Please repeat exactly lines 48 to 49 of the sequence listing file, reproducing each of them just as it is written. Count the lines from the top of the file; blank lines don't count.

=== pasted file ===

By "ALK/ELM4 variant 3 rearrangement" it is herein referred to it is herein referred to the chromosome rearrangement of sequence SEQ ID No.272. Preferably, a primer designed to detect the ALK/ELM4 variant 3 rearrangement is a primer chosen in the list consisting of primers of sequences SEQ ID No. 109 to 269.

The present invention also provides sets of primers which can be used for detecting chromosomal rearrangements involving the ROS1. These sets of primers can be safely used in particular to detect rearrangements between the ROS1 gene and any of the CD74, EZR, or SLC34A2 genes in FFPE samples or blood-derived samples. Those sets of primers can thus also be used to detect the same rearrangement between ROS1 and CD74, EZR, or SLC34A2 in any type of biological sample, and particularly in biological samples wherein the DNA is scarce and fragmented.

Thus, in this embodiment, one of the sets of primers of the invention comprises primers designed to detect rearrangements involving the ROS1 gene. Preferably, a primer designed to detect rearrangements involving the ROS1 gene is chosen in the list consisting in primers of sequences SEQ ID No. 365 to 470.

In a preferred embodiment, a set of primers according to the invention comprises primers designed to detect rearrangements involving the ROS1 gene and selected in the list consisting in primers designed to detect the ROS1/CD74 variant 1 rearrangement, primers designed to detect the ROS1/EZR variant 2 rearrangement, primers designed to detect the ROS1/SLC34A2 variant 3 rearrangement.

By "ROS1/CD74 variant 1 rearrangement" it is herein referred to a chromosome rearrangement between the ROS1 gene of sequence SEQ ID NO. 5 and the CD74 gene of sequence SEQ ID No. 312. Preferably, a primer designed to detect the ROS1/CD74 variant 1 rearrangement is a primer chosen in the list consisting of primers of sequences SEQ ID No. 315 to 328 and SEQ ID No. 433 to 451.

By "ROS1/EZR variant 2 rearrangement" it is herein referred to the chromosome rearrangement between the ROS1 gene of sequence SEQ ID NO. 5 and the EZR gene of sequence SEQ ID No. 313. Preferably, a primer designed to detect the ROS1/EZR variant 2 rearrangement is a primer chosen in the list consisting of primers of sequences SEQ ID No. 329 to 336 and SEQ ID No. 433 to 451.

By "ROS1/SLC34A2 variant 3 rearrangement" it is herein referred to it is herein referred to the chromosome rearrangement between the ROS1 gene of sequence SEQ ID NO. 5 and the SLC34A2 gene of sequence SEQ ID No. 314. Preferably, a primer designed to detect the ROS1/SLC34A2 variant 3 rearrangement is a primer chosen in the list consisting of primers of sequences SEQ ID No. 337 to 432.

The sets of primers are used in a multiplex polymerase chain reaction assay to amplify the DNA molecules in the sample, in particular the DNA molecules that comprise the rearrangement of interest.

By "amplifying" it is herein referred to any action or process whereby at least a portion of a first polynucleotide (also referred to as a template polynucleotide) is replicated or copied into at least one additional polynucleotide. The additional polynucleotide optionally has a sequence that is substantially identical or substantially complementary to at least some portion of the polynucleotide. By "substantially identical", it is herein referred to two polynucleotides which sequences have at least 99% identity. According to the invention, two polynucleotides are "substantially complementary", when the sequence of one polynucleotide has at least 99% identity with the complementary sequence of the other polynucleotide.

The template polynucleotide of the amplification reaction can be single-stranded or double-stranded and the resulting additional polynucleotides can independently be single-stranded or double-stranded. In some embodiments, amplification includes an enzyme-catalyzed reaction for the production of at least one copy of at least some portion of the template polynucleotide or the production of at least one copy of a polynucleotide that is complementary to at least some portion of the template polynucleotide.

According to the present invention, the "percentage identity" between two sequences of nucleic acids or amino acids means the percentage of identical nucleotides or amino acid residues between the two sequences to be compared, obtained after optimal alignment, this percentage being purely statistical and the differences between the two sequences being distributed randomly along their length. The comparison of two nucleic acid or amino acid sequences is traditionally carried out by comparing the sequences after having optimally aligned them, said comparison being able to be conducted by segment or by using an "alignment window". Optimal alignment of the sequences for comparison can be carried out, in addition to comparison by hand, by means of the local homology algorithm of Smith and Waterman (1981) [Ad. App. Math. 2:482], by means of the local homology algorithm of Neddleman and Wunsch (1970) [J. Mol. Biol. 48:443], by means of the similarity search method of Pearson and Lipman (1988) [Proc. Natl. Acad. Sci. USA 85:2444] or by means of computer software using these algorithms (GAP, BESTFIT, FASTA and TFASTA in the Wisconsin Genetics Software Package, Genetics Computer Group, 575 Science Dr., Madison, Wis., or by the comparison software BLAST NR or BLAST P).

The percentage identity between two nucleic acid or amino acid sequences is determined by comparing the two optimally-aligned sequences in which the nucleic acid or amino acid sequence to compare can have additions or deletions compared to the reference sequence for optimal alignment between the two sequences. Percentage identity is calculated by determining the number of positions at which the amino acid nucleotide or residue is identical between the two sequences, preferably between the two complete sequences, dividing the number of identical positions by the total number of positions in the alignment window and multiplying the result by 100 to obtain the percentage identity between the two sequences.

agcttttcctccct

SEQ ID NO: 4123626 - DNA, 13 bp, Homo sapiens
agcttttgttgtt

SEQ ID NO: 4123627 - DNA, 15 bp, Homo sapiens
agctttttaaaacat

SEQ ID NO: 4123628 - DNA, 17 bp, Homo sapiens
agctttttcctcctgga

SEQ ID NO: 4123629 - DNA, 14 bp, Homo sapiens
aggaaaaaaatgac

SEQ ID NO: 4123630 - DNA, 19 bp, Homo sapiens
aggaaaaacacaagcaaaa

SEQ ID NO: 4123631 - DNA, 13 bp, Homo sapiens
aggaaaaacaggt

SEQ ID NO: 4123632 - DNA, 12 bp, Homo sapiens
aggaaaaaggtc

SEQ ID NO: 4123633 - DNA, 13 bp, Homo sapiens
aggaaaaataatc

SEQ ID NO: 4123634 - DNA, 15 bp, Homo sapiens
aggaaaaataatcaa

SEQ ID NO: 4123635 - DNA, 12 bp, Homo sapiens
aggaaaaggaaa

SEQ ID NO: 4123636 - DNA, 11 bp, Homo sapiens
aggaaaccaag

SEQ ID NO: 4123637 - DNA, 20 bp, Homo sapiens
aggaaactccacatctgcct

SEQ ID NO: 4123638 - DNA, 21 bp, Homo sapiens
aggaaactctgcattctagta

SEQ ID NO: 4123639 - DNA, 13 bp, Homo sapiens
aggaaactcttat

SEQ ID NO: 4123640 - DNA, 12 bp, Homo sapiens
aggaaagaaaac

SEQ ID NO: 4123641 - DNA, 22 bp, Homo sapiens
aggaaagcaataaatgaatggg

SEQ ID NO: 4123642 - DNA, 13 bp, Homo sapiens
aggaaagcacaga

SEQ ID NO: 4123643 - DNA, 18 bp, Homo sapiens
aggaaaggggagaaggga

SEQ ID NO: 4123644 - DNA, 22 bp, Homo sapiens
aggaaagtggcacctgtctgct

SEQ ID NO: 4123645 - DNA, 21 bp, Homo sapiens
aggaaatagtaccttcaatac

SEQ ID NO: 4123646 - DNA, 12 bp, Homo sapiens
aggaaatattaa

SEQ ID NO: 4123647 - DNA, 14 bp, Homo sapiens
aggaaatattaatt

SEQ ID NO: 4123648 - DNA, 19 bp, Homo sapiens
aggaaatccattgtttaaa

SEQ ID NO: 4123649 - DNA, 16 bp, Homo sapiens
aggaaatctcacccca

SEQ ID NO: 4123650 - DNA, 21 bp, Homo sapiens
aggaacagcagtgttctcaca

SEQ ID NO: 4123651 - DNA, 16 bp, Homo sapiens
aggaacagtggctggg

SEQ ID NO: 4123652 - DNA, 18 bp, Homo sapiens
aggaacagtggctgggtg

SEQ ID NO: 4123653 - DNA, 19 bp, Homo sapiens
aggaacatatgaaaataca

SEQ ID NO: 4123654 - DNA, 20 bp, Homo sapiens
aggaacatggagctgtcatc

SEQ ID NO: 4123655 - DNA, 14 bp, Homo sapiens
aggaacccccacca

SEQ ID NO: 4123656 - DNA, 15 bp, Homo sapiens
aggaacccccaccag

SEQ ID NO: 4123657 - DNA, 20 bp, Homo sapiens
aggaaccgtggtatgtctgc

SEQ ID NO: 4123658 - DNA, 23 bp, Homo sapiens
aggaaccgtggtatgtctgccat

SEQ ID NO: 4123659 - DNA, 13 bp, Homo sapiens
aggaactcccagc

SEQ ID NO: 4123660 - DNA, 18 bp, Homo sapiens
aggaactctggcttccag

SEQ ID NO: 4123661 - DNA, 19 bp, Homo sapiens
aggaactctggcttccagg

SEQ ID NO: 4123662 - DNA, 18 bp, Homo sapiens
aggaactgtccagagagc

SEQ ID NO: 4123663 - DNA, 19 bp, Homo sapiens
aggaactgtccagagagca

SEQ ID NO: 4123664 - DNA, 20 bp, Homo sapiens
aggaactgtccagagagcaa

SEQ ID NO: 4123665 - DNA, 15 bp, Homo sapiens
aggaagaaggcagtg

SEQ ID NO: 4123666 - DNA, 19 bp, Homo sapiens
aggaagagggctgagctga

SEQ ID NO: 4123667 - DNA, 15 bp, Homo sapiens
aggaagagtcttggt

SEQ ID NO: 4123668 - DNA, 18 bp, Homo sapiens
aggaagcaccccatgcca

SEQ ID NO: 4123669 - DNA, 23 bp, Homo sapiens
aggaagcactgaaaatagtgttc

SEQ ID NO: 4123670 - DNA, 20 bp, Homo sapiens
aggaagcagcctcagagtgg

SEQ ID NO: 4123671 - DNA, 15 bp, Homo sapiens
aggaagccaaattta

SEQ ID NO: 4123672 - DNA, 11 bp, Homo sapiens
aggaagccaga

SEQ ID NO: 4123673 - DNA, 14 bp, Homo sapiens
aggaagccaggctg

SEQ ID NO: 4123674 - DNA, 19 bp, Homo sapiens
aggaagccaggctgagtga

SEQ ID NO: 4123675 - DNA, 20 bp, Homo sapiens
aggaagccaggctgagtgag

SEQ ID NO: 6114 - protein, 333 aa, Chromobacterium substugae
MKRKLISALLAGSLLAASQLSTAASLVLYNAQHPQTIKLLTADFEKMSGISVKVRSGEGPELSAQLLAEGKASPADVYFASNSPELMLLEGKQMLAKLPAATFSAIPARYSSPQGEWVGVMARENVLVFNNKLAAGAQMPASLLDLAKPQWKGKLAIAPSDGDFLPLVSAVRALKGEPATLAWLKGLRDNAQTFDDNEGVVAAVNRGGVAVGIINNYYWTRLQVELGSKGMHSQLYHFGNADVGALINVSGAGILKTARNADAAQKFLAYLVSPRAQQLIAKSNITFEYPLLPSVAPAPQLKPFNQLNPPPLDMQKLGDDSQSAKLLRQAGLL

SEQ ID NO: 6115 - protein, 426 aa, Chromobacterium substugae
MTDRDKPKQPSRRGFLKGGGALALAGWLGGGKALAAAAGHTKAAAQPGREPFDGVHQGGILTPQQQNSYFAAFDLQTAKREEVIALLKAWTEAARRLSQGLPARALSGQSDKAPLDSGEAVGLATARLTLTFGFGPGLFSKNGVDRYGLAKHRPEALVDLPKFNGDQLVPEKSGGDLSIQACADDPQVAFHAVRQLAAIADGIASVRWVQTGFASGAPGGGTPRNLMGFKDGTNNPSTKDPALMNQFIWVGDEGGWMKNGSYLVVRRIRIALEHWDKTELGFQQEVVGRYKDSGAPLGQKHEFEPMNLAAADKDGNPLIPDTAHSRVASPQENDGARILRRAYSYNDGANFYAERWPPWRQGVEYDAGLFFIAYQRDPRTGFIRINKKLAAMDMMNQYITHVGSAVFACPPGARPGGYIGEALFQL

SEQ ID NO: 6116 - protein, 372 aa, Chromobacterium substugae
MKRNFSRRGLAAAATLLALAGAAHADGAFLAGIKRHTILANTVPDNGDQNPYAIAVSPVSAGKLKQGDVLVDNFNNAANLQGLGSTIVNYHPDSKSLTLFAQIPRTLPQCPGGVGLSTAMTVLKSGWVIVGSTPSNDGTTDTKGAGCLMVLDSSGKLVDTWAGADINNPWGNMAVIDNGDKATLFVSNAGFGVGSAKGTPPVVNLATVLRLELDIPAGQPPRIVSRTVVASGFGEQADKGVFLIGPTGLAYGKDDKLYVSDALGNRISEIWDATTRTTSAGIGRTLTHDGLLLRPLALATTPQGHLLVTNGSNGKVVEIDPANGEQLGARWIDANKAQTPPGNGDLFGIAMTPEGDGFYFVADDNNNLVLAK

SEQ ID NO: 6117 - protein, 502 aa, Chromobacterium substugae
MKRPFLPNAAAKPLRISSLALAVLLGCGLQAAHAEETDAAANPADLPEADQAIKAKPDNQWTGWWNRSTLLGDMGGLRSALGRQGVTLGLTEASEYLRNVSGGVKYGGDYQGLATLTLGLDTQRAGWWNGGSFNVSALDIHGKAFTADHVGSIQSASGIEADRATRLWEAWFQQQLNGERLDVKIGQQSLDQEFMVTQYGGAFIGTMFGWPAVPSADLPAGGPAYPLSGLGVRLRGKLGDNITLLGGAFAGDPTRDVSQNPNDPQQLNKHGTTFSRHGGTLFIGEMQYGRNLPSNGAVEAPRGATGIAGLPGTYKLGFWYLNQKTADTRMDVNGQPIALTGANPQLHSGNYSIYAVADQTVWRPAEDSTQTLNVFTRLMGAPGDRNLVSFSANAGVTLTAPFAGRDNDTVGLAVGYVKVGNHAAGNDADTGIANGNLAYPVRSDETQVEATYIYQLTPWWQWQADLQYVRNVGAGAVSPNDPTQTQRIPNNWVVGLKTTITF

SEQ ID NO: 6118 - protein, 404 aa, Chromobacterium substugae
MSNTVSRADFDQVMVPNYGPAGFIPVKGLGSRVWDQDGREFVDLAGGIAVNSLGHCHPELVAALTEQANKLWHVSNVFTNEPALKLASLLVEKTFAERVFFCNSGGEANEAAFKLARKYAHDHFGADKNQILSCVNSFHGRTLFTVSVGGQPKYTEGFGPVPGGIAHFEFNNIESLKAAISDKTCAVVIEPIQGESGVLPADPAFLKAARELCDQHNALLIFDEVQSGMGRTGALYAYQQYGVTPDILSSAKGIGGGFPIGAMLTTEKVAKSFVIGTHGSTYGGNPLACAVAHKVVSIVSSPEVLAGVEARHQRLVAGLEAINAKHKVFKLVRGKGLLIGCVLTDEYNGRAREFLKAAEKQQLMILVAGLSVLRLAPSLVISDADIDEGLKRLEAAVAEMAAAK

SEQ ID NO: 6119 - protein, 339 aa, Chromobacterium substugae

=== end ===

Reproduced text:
SEQ ID NO: 4123643 - DNA, 18 bp, Homo sapiens
aggaaaggggagaaggga